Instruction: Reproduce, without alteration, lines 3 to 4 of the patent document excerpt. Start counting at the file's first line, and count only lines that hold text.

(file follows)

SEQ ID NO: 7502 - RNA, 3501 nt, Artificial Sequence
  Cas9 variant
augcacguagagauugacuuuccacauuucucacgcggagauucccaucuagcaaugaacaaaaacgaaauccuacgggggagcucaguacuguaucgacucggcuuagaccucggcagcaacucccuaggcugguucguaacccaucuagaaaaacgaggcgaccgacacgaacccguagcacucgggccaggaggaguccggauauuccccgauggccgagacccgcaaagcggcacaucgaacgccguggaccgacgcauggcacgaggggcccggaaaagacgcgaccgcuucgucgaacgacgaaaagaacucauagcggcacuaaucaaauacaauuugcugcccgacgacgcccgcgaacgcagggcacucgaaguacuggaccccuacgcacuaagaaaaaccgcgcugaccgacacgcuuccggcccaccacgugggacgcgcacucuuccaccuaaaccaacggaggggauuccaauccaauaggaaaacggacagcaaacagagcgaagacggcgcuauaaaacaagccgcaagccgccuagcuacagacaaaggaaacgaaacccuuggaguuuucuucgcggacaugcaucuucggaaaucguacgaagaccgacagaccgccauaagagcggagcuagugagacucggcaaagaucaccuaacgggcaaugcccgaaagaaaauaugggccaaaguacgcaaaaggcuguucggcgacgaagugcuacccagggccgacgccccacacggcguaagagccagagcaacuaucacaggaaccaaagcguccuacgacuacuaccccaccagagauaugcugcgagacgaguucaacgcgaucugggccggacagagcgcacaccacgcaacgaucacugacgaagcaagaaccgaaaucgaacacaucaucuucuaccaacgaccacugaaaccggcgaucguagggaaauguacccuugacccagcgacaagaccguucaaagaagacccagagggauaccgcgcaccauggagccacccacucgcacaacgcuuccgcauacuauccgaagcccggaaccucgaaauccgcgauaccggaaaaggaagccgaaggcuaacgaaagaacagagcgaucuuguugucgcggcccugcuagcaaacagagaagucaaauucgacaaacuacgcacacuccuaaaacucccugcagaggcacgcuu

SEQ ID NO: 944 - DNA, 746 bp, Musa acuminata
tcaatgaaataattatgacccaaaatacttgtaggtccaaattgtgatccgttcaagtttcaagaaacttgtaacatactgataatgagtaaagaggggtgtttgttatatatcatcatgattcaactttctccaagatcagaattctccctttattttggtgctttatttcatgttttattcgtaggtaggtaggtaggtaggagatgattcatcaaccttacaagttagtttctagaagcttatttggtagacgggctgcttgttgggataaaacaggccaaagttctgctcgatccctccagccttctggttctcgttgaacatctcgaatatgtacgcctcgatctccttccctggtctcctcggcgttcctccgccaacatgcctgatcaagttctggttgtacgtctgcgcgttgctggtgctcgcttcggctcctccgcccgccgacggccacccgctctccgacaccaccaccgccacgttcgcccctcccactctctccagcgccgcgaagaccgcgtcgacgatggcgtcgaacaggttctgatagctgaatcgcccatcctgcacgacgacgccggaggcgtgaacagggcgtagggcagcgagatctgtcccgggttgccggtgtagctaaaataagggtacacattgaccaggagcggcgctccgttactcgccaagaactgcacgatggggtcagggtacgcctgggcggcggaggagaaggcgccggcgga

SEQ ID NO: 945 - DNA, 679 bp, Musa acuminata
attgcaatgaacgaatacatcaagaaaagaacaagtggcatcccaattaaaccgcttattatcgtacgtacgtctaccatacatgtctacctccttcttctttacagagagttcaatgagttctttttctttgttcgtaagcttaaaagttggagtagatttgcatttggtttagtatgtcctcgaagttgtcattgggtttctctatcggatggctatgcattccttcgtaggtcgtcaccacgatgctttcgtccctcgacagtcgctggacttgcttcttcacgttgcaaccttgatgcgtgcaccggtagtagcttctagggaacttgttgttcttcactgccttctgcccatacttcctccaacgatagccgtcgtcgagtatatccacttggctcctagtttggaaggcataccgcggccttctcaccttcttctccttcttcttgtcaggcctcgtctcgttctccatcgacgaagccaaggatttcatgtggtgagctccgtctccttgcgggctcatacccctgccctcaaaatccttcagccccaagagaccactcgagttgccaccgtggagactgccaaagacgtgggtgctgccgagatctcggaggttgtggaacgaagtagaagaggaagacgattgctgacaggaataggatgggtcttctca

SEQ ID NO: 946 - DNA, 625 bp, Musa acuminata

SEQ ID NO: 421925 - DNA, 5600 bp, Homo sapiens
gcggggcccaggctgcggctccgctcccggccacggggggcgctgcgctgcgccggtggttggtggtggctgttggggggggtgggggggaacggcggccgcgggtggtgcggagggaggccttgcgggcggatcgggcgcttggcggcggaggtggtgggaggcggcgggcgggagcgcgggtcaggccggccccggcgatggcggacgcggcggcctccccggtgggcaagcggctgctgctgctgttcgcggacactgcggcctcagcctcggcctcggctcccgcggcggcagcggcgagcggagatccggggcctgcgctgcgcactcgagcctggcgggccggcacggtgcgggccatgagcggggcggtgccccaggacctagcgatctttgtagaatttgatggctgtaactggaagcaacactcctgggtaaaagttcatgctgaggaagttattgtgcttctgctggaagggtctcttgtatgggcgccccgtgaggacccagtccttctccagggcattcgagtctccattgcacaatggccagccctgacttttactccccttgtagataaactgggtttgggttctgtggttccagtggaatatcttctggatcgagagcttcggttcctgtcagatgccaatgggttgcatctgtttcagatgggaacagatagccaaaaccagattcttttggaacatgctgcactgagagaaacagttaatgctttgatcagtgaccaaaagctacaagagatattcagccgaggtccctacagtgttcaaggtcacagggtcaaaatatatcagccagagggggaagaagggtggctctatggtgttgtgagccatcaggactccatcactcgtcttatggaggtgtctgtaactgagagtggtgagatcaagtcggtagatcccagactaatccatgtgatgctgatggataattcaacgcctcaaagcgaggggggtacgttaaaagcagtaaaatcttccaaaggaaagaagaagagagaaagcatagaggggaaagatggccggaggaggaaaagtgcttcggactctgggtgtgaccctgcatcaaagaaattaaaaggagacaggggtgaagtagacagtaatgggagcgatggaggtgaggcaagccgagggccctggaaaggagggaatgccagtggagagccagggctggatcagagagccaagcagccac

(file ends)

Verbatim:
augcacguagagauugacuuuccacauuucucacgcggagauucccaucuagcaaugaacaaaaacgaaauccuacgggggagcucaguacuguaucgacucggcuuagaccucggcagcaacucccuaggcugguucguaacccaucuagaaaaacgaggcgaccgacacgaacccguagcacucgggccaggaggaguccggauauuccccgauggccgagacccgcaaagcggcacaucgaacgccguggaccgacgcauggcacgaggggcccggaaaagacgcgaccgcuucgucgaacgacgaaaagaacucauagcggcacuaaucaaauacaauuugcugcccgacgacgcccgcgaacgcagggcacucgaaguacuggaccccuacgcacuaagaaaaaccgcgcugaccgacacgcuuccggcccaccacgugggacgcgcacucuuccaccuaaaccaacggaggggauuccaauccaauaggaaaacggacagcaaacagagcgaagacggcgcuauaaaacaagccgcaagccgccuagcuacagacaaaggaaacgaaacccuuggaguuuucuucgcggacaugcaucuucggaaaucguacgaagaccgacagaccgccauaagagcggagcuagugagacucggcaaagaucaccuaacgggcaaugcccgaaagaaaauaugggccaaaguacgcaaaaggcuguucggcgacgaagugcuacccagggccgacgccccacacggcguaagagccagagcaacuaucacaggaaccaaagcguccuacgacuacuaccccaccagagauaugcugcgagacgaguucaacgcgaucugggccggacagagcgcacaccacgcaacgaucacugacgaagcaagaaccgaaaucgaacacaucaucuucuaccaacgaccacugaaaccggcgaucguagggaaauguacccuugacccagcgacaagaccguucaaagaagacccagagggauaccgcgcaccauggagccacccacucgcacaacgcuuccgcauacuauccgaagcccggaaccucgaaauccgcgauaccggaaaaggaagccgaaggcuaacgaaagaacagagcgaucuuguugucgcggcccugcuagcaaacagagaagucaaauucgacaaacuacgcacacuccuaaaacucccugcagaggcacgcuu

SEQ ID NO: 944 - DNA, 746 bp, Musa acuminata